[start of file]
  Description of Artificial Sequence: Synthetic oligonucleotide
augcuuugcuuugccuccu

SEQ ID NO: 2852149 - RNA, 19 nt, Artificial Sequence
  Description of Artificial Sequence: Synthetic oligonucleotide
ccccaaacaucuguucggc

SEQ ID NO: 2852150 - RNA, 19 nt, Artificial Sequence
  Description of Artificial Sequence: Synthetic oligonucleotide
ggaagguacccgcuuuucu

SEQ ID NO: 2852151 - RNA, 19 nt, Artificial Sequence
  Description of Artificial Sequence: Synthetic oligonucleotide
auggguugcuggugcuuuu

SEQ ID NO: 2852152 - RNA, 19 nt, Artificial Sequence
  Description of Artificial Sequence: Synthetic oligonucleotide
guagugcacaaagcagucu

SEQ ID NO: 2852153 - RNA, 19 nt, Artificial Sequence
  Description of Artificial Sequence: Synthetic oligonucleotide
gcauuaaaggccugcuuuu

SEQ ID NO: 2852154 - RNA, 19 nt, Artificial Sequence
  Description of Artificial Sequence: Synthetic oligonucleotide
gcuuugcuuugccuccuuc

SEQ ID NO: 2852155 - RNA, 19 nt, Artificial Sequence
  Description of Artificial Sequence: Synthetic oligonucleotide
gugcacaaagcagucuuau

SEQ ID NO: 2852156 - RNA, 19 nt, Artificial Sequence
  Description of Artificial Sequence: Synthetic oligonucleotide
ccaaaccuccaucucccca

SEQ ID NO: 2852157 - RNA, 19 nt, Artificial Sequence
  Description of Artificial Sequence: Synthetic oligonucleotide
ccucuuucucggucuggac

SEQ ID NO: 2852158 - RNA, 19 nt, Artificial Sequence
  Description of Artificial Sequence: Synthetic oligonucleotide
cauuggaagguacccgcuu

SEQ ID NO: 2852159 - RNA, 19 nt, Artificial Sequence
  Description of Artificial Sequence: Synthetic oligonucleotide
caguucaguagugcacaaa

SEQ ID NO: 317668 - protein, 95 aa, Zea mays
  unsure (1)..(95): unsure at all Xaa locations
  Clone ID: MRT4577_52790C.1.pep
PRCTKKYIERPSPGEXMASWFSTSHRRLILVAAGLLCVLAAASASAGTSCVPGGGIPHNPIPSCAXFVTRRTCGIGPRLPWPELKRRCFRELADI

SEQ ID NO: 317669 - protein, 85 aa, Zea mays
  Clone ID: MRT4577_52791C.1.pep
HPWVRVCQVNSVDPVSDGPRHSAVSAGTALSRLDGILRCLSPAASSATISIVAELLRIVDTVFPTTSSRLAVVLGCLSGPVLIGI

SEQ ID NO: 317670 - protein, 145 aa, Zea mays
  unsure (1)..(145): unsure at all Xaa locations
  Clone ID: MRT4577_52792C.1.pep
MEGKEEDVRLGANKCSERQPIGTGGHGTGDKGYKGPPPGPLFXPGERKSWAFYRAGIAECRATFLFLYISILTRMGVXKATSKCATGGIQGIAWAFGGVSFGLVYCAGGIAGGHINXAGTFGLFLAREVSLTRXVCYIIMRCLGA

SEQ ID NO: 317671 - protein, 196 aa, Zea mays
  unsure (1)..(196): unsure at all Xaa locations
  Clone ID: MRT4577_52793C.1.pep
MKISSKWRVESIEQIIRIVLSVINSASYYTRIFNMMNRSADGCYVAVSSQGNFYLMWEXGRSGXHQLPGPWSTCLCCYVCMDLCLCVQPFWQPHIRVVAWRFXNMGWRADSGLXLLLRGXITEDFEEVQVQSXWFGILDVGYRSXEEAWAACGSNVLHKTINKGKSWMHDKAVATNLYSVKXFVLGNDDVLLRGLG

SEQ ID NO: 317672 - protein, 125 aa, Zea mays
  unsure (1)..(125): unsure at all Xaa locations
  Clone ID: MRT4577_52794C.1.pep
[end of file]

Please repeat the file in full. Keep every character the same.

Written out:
  Description of Artificial Sequence: Synthetic oligonucleotide
augcuuugcuuugccuccu

SEQ ID NO: 2852149 - RNA, 19 nt, Artificial Sequence
  Description of Artificial Sequence: Synthetic oligonucleotide
ccccaaacaucuguucggc

SEQ ID NO: 2852150 - RNA, 19 nt, Artificial Sequence
  Description of Artificial Sequence: Synthetic oligonucleotide
ggaagguacccgcuuuucu

SEQ ID NO: 2852151 - RNA, 19 nt, Artificial Sequence
  Description of Artificial Sequence: Synthetic oligonucleotide
auggguugcuggugcuuuu

SEQ ID NO: 2852152 - RNA, 19 nt, Artificial Sequence
  Description of Artificial Sequence: Synthetic oligonucleotide
guagugcacaaagcagucu

SEQ ID NO: 2852153 - RNA, 19 nt, Artificial Sequence
  Description of Artificial Sequence: Synthetic oligonucleotide
gcauuaaaggccugcuuuu

SEQ ID NO: 2852154 - RNA, 19 nt, Artificial Sequence
  Description of Artificial Sequence: Synthetic oligonucleotide
gcuuugcuuugccuccuuc

SEQ ID NO: 2852155 - RNA, 19 nt, Artificial Sequence
  Description of Artificial Sequence: Synthetic oligonucleotide
gugcacaaagcagucuuau

SEQ ID NO: 2852156 - RNA, 19 nt, Artificial Sequence
  Description of Artificial Sequence: Synthetic oligonucleotide
ccaaaccuccaucucccca

SEQ ID NO: 2852157 - RNA, 19 nt, Artificial Sequence
  Description of Artificial Sequence: Synthetic oligonucleotide
ccucuuucucggucuggac

SEQ ID NO: 2852158 - RNA, 19 nt, Artificial Sequence
  Description of Artificial Sequence: Synthetic oligonucleotide
cauuggaagguacccgcuu

SEQ ID NO: 2852159 - RNA, 19 nt, Artificial Sequence
  Description of Artificial Sequence: Synthetic oligonucleotide
caguucaguagugcacaaa

SEQ ID NO: 317668 - protein, 95 aa, Zea mays
  unsure (1)..(95): unsure at all Xaa locations
  Clone ID: MRT4577_52790C.1.pep
PRCTKKYIERPSPGEXMASWFSTSHRRLILVAAGLLCVLAAASASAGTSCVPGGGIPHNPIPSCAXFVTRRTCGIGPRLPWPELKRRCFRELADI

SEQ ID NO: 317669 - protein, 85 aa, Zea mays
  Clone ID: MRT4577_52791C.1.pep
HPWVRVCQVNSVDPVSDGPRHSAVSAGTALSRLDGILRCLSPAASSATISIVAELLRIVDTVFPTTSSRLAVVLGCLSGPVLIGI

SEQ ID NO: 317670 - protein, 145 aa, Zea mays
  unsure (1)..(145): unsure at all Xaa locations
  Clone ID: MRT4577_52792C.1.pep
MEGKEEDVRLGANKCSERQPIGTGGHGTGDKGYKGPPPGPLFXPGERKSWAFYRAGIAECRATFLFLYISILTRMGVXKATSKCATGGIQGIAWAFGGVSFGLVYCAGGIAGGHINXAGTFGLFLAREVSLTRXVCYIIMRCLGA

SEQ ID NO: 317671 - protein, 196 aa, Zea mays
  unsure (1)..(196): unsure at all Xaa locations
  Clone ID: MRT4577_52793C.1.pep
MKISSKWRVESIEQIIRIVLSVINSASYYTRIFNMMNRSADGCYVAVSSQGNFYLMWEXGRSGXHQLPGPWSTCLCCYVCMDLCLCVQPFWQPHIRVVAWRFXNMGWRADSGLXLLLRGXITEDFEEVQVQSXWFGILDVGYRSXEEAWAACGSNVLHKTINKGKSWMHDKAVATNLYSVKXFVLGNDDVLLRGLG

SEQ ID NO: 317672 - protein, 125 aa, Zea mays
  unsure (1)..(125): unsure at all Xaa locations
  Clone ID: MRT4577_52794C.1.pep